Chromebook Pixel review: A luxury laptop for life in the cloud

We take a deep-dive look into Google's new Chromebook, which has high-quality hardware and an amazing touch-based display. But at $1,300, is it the laptop for you?

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Limited local storage but lots of cloud-based space

The Chromebook Pixel has a 32GB solid state drive (SSD) -- 64GB, if you opt for the LTE model. That's more internal space than other Chromebooks but notably less than other comparably priced laptops. The reason: Chrome OS, as I'll discuss in a moment, is focused primarily on the cloud; the local storage is designed to be more of a giant scratch drive than anything.

Google does include an entire terabyte of cloud-based Google Drive storage for three years with all Pixel purchases. If you were to pay outright for that amount of Drive storage, it'd cost you $50 a month or $1,800 over the course of three years -- more than the cost of the computer itself.

(After the three-year period has elapsed, any files you've stored will remain in your account and accessible to you, but your available free space will drop back down to the standard 5GB mark.)

If you really need more local space, Chrome OS has plug-and-play support for external hard drives and USB flash drives; there's also the integrated memory card reader for a more permanent sort of attachment.

A cloud-centric software experience

What most sets the Chromebook Pixel apart from traditional laptops is its cloud-centric Chrome OS software experience. Rather than utilizing local programs, Chrome OS revolves around the concept of Web-based applications -- so instead of using Microsoft Office, for instance, you use Google Docs. Instead of Photoshop, you use a cloud-based image editor like Pixlr.

Despite its cloud-centric nature, the vast majority of Chrome OS functionality does work fine with or without an active Internet connection. It's not a locked-down or nonfunctional type of computing environment; it's just a very different approach to computing than what most of us are used to.

The benefit of the cloud-centric system is that everything -- your data, applications and entire environment -- is always synced and consistent from one device to the next. Chrome OS also eliminates many of the hassles of traditional computing, such as cumbersome setups and installation procedures, annoying and time-consuming software upgrades, the need to mess with complicated drivers and the need to worry about virus infections and protection.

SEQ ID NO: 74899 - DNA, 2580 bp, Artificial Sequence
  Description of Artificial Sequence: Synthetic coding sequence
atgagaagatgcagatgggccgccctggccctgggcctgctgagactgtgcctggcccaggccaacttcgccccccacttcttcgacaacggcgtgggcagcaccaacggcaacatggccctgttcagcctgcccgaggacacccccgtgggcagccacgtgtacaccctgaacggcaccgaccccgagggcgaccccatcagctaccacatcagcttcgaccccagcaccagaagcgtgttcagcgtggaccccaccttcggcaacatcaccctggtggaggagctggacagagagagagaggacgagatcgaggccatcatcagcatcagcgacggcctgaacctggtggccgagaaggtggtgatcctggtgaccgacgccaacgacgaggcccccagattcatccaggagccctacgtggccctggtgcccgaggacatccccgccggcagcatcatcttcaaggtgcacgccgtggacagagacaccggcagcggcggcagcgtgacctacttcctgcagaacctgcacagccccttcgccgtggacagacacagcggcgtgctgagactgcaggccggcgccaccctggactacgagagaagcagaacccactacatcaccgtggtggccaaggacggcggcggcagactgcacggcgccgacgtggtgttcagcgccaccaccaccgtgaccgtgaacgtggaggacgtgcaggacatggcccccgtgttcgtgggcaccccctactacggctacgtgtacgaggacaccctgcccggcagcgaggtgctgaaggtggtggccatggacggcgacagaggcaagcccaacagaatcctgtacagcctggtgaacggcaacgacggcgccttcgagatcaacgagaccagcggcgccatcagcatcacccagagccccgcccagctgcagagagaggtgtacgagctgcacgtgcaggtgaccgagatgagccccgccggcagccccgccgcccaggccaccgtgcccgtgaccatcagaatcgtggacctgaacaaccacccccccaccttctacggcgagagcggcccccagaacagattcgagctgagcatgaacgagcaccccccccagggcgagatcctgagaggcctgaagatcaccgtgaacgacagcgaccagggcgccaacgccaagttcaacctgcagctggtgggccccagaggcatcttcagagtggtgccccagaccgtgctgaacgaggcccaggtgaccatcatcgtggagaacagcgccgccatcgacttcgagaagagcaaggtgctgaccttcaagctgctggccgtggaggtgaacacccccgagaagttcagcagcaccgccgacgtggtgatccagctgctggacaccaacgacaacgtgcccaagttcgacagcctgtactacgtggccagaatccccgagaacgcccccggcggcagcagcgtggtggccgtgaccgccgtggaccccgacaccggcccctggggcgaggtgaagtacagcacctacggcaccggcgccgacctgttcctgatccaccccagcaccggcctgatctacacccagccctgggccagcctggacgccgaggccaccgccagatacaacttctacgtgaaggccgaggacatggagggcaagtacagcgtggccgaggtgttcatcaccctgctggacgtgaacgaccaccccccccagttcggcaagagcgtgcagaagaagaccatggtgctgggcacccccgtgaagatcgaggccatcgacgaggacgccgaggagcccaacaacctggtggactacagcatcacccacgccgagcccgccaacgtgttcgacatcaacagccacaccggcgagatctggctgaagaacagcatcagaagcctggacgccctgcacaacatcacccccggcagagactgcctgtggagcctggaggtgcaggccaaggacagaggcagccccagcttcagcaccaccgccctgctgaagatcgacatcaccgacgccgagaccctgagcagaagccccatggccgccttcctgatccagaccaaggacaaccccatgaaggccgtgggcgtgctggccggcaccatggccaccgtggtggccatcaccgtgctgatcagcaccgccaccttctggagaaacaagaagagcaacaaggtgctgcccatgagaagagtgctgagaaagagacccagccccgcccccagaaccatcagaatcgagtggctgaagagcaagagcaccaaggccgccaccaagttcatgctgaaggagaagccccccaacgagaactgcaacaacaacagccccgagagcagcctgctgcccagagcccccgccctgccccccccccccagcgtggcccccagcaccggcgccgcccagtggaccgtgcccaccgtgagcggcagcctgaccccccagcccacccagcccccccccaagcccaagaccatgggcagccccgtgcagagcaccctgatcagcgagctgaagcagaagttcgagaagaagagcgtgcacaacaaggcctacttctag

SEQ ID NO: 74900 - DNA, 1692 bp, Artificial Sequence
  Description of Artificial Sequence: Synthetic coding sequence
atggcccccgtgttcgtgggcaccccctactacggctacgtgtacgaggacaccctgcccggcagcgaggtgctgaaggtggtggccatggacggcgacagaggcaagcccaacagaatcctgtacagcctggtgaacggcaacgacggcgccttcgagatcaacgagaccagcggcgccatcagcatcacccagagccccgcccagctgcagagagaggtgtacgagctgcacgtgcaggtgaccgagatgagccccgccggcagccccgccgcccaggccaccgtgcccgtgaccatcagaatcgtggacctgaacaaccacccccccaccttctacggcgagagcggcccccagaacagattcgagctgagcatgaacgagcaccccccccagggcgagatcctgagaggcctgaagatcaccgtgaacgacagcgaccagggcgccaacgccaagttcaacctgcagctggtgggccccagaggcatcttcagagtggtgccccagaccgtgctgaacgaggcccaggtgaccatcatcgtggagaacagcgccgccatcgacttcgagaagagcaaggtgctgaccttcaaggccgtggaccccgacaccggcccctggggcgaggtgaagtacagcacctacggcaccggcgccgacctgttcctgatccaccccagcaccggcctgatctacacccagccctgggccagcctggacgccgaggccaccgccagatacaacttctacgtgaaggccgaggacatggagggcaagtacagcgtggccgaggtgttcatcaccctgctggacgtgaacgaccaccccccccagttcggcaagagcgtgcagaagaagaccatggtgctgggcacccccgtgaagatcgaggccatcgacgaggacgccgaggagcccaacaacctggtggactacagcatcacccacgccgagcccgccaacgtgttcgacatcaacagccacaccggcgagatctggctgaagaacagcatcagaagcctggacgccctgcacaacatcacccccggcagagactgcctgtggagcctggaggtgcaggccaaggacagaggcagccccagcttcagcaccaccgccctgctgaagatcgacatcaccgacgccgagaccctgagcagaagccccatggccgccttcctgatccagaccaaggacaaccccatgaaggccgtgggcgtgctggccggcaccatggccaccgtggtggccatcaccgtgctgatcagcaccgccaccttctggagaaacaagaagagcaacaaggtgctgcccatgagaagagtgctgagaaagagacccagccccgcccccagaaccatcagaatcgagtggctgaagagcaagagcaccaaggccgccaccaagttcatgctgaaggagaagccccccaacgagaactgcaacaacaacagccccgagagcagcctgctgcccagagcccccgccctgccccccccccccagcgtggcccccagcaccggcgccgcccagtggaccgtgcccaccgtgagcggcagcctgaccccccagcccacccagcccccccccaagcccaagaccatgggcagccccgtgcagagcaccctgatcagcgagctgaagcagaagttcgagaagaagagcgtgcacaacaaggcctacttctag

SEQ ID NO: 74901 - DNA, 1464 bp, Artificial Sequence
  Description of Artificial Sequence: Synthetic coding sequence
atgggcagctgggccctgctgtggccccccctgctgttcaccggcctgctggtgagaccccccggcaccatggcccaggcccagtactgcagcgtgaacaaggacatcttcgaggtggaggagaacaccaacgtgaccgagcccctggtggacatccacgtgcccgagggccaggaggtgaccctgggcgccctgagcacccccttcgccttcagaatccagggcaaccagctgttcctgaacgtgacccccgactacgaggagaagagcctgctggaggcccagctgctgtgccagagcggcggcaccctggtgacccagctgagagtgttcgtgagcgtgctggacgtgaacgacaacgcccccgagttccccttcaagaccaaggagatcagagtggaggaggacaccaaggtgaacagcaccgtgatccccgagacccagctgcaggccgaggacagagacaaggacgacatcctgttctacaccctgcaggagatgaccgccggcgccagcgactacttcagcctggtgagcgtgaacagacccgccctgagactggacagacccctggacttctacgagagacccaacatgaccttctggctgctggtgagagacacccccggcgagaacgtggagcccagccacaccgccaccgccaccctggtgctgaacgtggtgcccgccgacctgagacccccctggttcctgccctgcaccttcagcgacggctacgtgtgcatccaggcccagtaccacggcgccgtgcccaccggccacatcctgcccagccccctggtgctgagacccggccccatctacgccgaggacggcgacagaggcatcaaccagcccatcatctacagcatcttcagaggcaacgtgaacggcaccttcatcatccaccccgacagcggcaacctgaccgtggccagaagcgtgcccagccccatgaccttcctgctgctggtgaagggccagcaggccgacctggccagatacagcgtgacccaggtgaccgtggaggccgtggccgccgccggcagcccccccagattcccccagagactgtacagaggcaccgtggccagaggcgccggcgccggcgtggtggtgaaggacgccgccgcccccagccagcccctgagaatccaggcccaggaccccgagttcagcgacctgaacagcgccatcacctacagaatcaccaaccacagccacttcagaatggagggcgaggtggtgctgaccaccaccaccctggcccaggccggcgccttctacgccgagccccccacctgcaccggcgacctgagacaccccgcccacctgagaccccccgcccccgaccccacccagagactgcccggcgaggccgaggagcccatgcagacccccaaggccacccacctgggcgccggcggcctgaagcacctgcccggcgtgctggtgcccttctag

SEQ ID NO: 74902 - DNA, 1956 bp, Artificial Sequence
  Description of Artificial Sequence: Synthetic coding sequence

The platform is constantly updated, too, with fresh updates arriving on your system seamlessly and indefinitely -- without any interaction on your behalf -- every few weeks. That, combined with the cloud-centric nature of the system, means a Chromebook generally gets faster over time instead of becoming bogged down and poky like traditional computers tend to do.

I've covered Chrome OS in great depth elsewhere, so I'll refer you to my previous coverage for a more thorough look at what the software's actually like to use. In short, I'll say this: Chrome OS isn't for everyone. If you need specific local programs for your work or aren't comfortable with the concept of cloud storage, it probably isn't the right fit for you.

If you find yourself spending most of your time on the Web and in Web-based apps, though -- as a growing number of users do -- you may find Chrome OS to be a refreshing change that gives you the parts of computing you like without the annoyances that usually accompany them.

(It's also possible, by the way, to configure a dual-boot setup with Linux and Chrome OS on the Chromebook Pixel -- though it's something only advanced users should attempt.)

Bottom line

With the Chromebook Pixel, Google set out to build a premium laptop experience -- and in most respects, it succeeded. The Chromebook Pixel is a beautifully designed laptop with outstanding hardware, a phenomenal display and an interesting form of touch support that promises to open new possibilities for the way you use a laptop.

That experience, however, doesn't come cheap. The Pixel's starting price of $1,300 puts it in the same league as systems like the $1,500 MacBook Pro with Retina display, which are far more versatile in the types of programs they can run and functions they can perform.

Of course, more functionality doesn't necessarily mean a better experience. Chrome OS is designed for people who don't need local applications or a traditional PC environment -- and eliminating those elements allows some attractive benefits to be added in. Ultimately, it all comes down to what works for you.

If you're interested in a cloud-centric computing experience, the $249 Samsung Chromebook remains the most advisable starting point to consider. By its nature, a premium product like the Chromebook Pixel isn't designed for mainstream appeal -- and the lower-priced alternative offers many of the same basic benefits at a fraction of the cost.

If you're sold on the Chrome OS concept and want the best of the best, though -- and can justify dropping $1,300 on a device -- the Chromebook Pixel will give you a cloud computing experience like no other. It's life in the cloud at its most luxurious, and any Chrome OS convert will be thrilled with the comfort it provides.

JR Raphael is a Computerworld contributing editor and the author of the Android Power blog. For more Google-focused insights, follow him on Google+, Twitter, or Facebook.

Copyright © 2013 IDG Communications, Inc.

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